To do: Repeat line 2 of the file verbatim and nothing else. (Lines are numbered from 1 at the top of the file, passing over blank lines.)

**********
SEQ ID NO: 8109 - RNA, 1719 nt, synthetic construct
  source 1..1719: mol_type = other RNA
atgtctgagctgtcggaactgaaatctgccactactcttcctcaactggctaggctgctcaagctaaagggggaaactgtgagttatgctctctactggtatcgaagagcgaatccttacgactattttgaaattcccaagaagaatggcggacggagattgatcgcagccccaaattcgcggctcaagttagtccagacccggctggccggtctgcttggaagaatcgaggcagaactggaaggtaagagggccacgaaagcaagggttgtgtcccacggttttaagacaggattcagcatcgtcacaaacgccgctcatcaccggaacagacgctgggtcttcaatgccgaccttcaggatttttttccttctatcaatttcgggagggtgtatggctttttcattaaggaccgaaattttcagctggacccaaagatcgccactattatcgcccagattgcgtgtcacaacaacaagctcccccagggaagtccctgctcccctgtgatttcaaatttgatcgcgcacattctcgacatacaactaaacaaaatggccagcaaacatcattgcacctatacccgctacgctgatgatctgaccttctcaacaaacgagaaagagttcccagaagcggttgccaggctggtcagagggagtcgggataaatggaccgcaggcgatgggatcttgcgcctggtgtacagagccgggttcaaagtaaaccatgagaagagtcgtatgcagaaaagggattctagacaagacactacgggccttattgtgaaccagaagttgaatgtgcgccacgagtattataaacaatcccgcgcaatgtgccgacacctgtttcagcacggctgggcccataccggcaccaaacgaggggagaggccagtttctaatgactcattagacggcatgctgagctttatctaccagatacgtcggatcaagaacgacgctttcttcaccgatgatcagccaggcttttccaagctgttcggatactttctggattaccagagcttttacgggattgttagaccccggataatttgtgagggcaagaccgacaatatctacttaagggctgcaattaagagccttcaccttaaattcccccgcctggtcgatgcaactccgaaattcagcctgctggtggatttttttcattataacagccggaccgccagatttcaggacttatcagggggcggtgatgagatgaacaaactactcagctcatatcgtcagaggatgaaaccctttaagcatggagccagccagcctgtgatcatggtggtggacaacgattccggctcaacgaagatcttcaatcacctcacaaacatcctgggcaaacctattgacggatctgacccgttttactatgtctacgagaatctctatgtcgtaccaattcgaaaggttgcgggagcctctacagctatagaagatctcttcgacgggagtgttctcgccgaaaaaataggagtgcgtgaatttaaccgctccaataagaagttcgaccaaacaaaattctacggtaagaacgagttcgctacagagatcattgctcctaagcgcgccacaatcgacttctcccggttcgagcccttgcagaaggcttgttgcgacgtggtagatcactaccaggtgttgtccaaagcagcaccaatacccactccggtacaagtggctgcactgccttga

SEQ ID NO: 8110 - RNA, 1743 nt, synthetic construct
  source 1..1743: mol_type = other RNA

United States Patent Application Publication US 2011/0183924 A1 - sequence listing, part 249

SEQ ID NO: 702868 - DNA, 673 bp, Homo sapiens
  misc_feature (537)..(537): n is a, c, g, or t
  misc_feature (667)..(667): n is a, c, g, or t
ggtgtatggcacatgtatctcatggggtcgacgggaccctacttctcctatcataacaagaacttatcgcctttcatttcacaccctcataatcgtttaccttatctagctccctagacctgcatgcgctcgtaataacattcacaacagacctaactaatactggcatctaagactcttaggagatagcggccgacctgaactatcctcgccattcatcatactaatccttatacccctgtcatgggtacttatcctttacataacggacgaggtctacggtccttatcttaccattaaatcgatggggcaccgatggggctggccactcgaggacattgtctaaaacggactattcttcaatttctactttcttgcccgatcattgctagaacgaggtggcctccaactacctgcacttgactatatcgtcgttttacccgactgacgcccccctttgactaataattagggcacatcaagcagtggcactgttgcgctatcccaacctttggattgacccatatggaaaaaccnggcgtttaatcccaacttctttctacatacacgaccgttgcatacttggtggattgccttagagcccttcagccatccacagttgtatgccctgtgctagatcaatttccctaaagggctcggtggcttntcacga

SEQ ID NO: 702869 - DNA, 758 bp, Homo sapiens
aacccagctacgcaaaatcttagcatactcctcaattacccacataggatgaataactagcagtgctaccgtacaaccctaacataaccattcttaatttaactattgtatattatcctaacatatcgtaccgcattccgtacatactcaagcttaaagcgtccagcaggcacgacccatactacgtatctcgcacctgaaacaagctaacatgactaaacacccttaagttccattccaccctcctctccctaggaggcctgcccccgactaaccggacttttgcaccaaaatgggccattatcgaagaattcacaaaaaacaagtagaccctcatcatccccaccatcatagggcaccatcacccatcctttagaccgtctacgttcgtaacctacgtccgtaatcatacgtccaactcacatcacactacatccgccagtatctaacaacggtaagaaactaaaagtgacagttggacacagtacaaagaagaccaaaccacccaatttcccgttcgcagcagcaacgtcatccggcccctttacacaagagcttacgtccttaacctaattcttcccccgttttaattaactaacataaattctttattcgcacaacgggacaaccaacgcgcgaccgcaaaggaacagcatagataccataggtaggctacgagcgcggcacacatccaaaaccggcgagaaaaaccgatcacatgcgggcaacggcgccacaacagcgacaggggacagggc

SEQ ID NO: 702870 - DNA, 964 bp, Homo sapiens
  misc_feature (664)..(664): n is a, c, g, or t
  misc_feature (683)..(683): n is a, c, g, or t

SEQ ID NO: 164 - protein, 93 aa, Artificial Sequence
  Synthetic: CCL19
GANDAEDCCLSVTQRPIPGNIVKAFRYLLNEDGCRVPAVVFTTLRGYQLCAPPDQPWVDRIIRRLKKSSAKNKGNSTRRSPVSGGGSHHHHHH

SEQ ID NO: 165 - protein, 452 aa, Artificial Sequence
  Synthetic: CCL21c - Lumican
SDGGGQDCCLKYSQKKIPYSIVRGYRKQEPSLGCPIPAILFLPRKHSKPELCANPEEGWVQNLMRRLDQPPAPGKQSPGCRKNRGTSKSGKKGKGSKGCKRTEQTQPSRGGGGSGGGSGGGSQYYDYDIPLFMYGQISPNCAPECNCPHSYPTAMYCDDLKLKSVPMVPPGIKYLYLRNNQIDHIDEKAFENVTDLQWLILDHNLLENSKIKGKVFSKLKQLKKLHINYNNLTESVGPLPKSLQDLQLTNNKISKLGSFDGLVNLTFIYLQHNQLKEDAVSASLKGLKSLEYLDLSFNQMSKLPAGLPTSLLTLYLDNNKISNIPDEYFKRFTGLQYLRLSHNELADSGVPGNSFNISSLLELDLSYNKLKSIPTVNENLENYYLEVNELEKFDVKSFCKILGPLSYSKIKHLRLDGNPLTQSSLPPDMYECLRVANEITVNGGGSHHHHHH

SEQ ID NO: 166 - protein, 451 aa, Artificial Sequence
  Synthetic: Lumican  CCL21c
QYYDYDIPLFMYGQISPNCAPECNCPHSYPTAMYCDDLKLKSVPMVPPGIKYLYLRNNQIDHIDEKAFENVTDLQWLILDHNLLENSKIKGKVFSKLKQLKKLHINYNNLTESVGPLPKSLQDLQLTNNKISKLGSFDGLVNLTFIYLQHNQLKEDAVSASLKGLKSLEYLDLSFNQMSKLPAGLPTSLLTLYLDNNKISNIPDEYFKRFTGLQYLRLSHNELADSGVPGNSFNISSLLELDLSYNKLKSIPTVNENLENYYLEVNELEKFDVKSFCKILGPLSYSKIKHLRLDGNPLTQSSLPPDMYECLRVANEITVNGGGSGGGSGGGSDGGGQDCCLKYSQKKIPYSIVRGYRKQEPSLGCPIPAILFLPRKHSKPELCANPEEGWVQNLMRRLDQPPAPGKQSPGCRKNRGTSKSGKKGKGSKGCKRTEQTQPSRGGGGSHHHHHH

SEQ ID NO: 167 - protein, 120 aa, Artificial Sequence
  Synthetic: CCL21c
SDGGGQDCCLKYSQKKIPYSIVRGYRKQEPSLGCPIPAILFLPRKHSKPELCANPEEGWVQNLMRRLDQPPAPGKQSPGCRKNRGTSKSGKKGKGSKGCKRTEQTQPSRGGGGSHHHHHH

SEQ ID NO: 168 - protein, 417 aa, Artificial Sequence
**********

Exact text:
  source 1..1719: mol_type = other RNA